When Apple announced it would offer Safari for Windows last June, I was curious to see how the browser would compare to Mozilla Firefox and Internet Explorer…so I downloaded it and tried it out. I was quite surprised to find that the browser functioned like an alpha product. It was buggy, slow, and extremely unpleasant to use. I related this experience to a friend of mine who practically worships Apple (yet chooses to live in Microsoft’s backyard), and I was assured Safari would improve, because it was just the first public beta.

Well, almost seven months later, Safari for Windows is still in “beta” (version 3.04) and it’s just as horrible as the day I first tried it. It boots up slowly, stupidly attempts to mimic the font rendering of its Mac OS X brother, has trouble processing Javascript and can’t open files in protected folders. (It will return the error Safari can’t connect to the server). Apple boasts on its website that Safari is “the fastest web browser on any platform” stating specifically:

Safari loads pages up to 2 times faster than Internet Explorer 7 and up to 1.7 times faster than Firefox 2.

And it executes JavaScript up to 3 times faster than Internet Explorer 7 and up to 2 times faster than Firefox 2.What does all that mean for you? Less time loading pages and more time enjoying them.

This is complete bogus. On my Windows XP SP2 machine, Safari struggles just to render web pages, let alone attempt to best Firefox, Opera, or IE in a speed competition. And it fails to execute Javascript consistently. It’s not in the same ballpark as the many mature browsers available for Windows.

I don’t know how Apple achieved the results it brags about in its own testing environment. Maybe there’s something on my machine that’s interfering with Safari, but I keep my system in good order, and other non-Microsoft browsers (Opera, Firefox) work well. But regardless, Safari’s performance in an Apple testing environment is a useless benchmark for end users. What matters is how well the browser works for the user, and that’s not the measurement the company is using in its marketing.

Even if Safari is improved, I doubt users of other browsers will switch to it. There’s no reason for them to do so. As far as I’m concerned, Mozilla Firefox remains the best browser available – for Windows, Mac, or Linux.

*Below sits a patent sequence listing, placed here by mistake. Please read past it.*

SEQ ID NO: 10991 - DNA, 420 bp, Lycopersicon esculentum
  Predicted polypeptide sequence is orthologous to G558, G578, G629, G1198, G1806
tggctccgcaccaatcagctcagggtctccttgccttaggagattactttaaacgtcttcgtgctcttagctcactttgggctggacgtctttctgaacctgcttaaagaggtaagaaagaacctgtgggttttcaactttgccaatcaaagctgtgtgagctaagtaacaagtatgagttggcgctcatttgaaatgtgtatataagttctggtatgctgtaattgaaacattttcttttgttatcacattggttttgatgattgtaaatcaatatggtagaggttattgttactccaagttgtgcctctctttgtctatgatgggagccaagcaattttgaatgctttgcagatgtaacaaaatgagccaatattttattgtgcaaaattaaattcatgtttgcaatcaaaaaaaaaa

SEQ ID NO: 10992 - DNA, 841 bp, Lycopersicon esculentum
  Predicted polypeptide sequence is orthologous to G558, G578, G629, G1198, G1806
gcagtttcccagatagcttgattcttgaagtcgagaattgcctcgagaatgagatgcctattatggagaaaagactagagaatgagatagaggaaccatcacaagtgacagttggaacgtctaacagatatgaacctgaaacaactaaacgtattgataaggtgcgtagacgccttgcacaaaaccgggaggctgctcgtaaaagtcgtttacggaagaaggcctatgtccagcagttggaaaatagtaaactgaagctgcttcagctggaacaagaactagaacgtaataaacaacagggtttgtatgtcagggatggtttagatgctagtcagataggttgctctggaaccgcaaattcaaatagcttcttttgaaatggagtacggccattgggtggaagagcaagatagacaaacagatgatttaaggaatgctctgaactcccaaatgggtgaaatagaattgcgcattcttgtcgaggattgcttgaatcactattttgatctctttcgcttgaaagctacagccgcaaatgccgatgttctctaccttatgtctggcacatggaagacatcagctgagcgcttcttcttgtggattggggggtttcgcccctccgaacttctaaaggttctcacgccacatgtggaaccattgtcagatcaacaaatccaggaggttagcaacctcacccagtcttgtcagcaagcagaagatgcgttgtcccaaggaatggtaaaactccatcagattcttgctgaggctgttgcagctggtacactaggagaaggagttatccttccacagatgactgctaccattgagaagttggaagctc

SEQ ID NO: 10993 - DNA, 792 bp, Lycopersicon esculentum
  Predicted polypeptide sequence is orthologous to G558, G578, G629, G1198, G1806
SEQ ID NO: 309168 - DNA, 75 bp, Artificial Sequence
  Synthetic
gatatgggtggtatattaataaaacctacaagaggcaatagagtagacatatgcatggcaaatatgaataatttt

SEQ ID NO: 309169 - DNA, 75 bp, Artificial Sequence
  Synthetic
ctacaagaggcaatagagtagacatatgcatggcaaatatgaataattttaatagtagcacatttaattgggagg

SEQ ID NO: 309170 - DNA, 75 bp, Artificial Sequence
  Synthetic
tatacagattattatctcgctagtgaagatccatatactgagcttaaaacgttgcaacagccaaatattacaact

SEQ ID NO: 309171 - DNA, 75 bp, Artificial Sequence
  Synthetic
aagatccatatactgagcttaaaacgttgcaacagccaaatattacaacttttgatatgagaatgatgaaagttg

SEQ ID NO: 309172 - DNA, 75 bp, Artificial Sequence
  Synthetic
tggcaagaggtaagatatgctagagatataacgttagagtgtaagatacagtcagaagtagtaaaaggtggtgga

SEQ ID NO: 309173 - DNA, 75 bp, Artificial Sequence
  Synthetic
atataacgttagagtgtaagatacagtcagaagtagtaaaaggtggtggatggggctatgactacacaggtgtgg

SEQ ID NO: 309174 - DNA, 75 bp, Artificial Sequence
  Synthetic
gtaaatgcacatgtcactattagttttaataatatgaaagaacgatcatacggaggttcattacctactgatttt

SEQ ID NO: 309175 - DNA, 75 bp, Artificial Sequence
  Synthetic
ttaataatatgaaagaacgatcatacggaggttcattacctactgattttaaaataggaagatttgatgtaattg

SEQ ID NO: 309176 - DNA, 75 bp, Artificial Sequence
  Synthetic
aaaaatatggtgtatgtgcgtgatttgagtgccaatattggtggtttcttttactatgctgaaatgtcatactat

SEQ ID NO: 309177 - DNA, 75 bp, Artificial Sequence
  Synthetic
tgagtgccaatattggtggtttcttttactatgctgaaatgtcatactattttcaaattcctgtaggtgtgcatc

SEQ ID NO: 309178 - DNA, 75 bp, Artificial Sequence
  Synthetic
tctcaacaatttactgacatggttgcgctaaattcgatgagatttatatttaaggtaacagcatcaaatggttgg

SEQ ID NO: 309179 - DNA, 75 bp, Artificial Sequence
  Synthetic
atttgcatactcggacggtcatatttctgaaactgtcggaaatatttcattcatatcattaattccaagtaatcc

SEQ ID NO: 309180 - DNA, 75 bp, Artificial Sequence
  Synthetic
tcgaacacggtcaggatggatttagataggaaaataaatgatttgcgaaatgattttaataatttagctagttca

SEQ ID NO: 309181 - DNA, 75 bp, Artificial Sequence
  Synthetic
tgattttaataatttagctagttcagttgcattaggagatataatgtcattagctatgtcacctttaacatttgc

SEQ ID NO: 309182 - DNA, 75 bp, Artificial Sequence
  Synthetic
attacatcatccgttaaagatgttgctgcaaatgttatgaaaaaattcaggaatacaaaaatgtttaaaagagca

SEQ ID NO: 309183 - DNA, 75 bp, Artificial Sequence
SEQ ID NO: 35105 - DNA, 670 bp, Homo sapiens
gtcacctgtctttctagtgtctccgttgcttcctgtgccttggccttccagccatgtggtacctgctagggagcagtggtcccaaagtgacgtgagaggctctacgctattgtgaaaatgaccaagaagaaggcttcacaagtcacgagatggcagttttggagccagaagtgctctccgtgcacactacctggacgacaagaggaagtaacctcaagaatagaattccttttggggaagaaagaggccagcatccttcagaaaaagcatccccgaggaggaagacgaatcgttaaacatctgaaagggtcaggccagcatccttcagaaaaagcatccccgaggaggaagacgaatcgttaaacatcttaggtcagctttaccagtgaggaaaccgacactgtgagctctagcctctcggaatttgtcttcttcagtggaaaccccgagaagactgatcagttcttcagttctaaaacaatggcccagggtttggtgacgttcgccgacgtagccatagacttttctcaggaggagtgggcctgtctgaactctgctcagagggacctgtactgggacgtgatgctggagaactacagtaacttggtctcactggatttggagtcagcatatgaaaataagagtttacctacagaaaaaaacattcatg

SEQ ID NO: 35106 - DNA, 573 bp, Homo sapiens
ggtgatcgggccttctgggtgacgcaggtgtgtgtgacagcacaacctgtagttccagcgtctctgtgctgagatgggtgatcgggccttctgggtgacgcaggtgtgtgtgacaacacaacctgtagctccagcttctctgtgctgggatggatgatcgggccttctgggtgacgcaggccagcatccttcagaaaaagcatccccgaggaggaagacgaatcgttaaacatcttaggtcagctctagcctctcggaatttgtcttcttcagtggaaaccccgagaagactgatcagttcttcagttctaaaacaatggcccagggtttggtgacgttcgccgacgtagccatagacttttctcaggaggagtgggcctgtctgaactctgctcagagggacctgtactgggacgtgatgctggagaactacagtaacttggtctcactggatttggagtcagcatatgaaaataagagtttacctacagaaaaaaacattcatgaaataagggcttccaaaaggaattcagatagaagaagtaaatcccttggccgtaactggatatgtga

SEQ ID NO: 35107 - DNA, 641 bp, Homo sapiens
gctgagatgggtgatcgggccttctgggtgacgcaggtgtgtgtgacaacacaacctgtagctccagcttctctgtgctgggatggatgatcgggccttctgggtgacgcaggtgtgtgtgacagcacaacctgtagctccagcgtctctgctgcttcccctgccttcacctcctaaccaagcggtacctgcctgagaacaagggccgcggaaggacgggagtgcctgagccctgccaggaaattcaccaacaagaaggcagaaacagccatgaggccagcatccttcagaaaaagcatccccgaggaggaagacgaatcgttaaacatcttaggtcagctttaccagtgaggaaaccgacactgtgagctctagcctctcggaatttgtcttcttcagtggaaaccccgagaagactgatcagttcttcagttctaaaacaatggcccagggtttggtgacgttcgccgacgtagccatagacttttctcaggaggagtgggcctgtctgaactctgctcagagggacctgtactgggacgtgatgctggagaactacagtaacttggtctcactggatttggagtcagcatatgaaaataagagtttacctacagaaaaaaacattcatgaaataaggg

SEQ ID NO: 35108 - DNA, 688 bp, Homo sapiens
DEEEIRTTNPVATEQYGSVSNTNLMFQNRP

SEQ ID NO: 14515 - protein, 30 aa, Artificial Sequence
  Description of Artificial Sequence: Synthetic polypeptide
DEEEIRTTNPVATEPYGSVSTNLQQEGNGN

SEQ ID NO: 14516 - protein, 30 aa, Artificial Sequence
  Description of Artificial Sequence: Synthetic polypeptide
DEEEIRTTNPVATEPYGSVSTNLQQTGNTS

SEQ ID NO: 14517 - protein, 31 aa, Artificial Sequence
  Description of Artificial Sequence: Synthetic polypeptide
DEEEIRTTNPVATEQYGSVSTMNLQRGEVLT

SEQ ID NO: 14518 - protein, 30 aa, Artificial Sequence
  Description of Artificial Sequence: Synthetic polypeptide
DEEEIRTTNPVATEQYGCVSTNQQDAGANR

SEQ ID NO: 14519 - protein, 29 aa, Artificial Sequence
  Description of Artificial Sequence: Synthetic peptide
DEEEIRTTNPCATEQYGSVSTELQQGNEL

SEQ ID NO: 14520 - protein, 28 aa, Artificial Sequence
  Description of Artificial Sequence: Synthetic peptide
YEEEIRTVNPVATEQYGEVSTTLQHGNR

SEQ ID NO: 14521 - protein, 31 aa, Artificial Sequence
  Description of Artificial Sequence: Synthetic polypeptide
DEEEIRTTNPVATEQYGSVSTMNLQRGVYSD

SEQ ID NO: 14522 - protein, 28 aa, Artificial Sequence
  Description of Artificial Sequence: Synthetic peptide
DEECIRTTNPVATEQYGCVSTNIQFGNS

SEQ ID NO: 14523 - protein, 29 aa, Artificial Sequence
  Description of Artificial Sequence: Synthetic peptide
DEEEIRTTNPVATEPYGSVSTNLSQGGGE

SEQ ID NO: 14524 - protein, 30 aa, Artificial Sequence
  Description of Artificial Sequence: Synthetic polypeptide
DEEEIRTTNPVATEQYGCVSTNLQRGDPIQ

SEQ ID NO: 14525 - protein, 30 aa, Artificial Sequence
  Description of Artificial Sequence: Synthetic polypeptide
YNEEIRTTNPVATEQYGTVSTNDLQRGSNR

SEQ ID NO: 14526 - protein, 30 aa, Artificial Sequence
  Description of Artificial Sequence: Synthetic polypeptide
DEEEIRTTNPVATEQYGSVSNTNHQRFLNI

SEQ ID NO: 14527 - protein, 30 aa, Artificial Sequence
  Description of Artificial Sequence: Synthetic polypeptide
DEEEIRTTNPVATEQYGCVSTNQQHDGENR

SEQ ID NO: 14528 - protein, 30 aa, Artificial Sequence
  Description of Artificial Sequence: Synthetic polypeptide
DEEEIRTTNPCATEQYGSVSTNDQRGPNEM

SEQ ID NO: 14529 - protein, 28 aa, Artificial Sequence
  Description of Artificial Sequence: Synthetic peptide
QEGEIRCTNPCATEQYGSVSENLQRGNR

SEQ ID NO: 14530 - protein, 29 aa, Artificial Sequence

HP MediaSmart Server software and support far from stellar

A couple of weeks ago, after waiting nearly a month, I finally took delivery of HP’s MediaSmart ex475 Server, which I’ve been wanting to try out ever since I heard about it in early 2007.

The system, which is based on Microsoft’s Windows Home Server, comes with a terabyte of storage, a 1.8 GHz processor (an AMD Sempron 64 bit) and 512 MB of RAM. While I’ve found the product to be very useful (centralized data storage, automatic backups, cool add-ins) HP’s software and support has left a lot to be desired.

I had reasonable expectations for the product, and I’ve been mostly happy with it.

What I did not expect, however, was that I would encounter a major error after using the product for only fourteen days.

This morning, while logging in to my Windows Home Server, I was greeted by this error:

Input string was not in a correct format. At system.Number.StringToNumber(String st, NumberStyles options, NumberBuffer & number, NumberFormat.Info.info, Boolean parseDecimal)
At System.Number.ParseInt64(String value, NumberStyles options, NumberFormatInto numfmt)
At HPConfiguration.IniFile.GetLong(String key, Int64 defaultVal)
At MediaSmartUpdate.MediaSmartUpdate.GetiniConfig()
At MediaSmartUpdate.MediaSmartUpdater.GetSettingsValues()
At Microsoft.HomeServer.HomeServerConsoleTab.HPSU. HomeServerSettingsExtender.initializeMembers(IConsoleServices.svc)

The console loaded after I clicked okay, but under “HP MediaSmart Software Updates”, where I’ve previously seen the date of the last update, there were instead six Xs:

MediaSmart Server - HP Update Blanks

It seems the error is a malfunction in HP’s own software, which essentially runs on top of the Windows Home Server platform. The problem seem to be affecting the performance of the operating system, fortunately, but it is certainly annoying.

Thinking I should report the problem, I went to the ex475’s support page, and was surprised to find that email and live chat support for the MediaSmart server are not available:

E-mail HP

Support E-mail not available
» E-mail questions before you buy